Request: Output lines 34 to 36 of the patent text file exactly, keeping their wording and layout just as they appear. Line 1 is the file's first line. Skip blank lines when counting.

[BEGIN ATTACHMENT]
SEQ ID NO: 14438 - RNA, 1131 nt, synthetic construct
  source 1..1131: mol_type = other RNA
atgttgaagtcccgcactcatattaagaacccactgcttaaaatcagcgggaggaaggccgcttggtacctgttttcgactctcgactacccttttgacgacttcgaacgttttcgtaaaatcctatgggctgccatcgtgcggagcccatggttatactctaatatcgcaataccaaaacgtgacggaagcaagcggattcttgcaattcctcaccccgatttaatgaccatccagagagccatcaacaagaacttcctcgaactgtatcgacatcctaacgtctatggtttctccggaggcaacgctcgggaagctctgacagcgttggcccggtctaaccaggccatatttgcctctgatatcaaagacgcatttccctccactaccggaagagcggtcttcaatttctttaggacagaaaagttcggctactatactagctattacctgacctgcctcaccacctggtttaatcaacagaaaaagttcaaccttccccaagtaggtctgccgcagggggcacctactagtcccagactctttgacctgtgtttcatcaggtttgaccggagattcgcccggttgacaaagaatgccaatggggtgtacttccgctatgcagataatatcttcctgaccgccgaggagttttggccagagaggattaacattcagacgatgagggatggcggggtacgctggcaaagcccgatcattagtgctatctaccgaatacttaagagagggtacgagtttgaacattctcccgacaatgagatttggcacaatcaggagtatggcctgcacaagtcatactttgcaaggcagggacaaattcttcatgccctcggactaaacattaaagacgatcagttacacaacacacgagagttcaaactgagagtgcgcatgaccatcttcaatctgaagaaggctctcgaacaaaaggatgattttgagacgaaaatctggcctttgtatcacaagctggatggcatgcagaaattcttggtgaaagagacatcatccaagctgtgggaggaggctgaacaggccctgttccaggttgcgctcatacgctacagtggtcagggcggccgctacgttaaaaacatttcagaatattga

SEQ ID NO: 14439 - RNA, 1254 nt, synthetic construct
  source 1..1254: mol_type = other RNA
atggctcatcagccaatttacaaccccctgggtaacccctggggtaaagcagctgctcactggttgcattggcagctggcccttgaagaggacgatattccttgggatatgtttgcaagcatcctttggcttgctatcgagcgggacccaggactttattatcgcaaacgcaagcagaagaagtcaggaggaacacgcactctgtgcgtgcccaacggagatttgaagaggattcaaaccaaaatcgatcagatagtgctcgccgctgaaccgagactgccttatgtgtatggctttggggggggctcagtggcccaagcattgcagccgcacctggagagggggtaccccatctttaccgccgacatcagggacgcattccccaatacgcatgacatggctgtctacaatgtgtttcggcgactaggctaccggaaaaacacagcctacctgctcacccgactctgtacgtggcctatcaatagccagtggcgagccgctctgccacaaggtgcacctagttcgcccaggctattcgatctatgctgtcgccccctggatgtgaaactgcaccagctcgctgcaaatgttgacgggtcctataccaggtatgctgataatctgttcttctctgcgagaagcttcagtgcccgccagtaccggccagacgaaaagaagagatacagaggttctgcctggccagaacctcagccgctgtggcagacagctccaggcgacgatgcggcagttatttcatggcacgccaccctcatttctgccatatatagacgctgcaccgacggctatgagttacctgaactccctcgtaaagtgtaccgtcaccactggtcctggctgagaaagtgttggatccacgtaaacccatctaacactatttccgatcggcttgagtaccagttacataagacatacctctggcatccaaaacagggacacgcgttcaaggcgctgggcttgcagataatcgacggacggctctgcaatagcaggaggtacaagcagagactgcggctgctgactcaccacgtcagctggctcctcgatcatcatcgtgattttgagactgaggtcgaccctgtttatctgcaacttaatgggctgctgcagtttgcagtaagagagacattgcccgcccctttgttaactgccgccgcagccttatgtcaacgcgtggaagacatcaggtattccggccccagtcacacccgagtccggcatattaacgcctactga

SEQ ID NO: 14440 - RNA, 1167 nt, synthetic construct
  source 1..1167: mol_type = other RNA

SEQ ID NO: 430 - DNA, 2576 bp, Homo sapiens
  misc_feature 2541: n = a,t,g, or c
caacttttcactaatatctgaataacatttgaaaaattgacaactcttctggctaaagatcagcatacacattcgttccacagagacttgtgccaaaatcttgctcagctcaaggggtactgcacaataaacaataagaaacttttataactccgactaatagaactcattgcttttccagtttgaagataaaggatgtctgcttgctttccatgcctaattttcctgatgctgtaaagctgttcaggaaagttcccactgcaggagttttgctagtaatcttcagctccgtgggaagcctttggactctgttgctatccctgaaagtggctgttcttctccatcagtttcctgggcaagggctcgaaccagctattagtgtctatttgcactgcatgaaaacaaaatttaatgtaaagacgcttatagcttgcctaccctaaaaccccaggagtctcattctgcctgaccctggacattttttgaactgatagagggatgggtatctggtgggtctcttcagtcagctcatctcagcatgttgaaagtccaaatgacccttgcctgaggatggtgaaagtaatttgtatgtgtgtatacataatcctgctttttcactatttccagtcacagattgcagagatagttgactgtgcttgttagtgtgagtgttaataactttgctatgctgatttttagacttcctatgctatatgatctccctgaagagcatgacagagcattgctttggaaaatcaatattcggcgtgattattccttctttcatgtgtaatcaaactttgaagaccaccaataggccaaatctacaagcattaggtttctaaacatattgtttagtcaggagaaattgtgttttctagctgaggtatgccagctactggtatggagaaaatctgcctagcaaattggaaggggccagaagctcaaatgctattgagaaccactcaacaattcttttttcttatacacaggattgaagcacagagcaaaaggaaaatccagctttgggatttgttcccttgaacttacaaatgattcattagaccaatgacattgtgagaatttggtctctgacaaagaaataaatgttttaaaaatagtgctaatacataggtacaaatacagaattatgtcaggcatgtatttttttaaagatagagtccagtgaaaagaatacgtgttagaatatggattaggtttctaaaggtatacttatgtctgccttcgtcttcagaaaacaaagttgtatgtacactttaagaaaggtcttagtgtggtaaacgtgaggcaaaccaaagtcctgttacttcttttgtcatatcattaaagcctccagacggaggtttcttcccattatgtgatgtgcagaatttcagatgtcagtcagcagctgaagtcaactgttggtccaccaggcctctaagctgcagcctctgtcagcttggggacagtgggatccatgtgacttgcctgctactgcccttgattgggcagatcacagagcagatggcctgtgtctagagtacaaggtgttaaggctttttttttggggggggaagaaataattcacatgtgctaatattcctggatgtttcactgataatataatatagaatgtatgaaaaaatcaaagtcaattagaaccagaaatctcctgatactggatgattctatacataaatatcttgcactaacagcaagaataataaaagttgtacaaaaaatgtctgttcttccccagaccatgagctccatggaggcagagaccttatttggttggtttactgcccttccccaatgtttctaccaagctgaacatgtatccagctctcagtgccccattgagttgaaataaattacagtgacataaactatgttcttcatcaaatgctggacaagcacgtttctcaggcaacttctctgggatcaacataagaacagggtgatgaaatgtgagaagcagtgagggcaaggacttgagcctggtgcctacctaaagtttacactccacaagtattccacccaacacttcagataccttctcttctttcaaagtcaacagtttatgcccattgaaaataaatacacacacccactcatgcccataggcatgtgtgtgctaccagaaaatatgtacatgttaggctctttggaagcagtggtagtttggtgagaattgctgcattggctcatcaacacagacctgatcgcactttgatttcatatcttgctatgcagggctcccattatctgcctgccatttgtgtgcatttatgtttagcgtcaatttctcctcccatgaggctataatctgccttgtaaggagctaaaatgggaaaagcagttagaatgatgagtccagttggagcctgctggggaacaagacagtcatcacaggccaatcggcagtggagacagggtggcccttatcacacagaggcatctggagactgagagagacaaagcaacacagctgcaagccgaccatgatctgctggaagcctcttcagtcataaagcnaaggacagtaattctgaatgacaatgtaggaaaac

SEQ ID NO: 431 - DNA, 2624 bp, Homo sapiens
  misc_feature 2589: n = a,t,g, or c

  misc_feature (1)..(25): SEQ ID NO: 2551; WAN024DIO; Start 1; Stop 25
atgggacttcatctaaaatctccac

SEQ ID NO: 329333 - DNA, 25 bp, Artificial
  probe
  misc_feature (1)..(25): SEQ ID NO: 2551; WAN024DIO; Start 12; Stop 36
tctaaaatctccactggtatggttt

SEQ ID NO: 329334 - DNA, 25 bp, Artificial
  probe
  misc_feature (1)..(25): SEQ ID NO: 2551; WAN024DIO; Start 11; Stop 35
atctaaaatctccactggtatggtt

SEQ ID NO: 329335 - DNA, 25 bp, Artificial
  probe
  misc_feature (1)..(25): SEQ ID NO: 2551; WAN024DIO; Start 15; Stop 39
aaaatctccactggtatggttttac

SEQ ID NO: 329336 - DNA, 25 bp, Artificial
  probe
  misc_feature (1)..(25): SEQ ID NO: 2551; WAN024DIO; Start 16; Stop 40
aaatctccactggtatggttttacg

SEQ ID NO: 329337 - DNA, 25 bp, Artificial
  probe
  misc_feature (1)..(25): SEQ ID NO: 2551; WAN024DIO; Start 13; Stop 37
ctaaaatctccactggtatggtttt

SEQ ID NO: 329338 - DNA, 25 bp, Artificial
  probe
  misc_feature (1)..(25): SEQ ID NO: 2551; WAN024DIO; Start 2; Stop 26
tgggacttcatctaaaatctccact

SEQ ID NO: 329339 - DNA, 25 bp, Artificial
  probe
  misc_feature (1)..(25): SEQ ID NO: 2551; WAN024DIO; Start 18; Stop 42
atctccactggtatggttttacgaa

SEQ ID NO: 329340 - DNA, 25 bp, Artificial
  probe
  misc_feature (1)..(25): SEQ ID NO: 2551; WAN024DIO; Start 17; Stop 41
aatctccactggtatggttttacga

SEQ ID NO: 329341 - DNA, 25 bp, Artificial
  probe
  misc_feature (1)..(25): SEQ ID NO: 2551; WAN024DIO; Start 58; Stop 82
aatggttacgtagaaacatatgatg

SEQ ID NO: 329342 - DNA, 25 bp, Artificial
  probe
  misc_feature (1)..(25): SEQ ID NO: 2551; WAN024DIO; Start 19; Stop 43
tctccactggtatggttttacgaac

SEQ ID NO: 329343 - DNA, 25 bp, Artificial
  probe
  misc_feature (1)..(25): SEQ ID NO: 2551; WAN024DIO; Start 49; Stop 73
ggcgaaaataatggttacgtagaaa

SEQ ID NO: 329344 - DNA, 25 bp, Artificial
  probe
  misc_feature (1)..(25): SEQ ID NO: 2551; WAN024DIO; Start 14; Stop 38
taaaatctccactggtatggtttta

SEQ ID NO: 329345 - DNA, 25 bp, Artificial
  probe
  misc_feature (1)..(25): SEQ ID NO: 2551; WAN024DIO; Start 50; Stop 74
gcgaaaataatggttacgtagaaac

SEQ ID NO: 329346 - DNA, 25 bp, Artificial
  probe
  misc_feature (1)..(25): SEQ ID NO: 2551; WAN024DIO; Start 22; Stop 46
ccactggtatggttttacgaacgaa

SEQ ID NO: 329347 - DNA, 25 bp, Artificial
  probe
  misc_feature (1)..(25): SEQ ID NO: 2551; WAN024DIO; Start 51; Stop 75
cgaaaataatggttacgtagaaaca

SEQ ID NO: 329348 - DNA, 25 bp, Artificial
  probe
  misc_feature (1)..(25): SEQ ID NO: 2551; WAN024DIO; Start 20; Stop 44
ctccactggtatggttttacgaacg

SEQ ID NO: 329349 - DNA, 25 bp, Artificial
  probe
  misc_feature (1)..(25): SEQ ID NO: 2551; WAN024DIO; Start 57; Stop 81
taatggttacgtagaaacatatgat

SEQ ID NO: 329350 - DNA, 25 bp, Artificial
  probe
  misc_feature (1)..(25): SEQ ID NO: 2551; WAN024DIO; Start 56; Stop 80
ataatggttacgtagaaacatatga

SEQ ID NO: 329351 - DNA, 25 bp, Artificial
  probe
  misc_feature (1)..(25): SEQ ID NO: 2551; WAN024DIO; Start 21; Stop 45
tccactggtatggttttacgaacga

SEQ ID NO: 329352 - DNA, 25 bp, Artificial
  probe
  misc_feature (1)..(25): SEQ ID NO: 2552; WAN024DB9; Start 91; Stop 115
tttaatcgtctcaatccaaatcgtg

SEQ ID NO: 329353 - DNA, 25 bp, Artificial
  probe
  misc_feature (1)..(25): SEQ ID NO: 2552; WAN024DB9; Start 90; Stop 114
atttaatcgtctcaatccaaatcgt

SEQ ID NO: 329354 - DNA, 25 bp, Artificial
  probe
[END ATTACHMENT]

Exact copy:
  misc_feature (1)..(25): SEQ ID NO: 2551; WAN024DIO; Start 13; Stop 37
ctaaaatctccactggtatggtttt

SEQ ID NO: 329338 - DNA, 25 bp, Artificial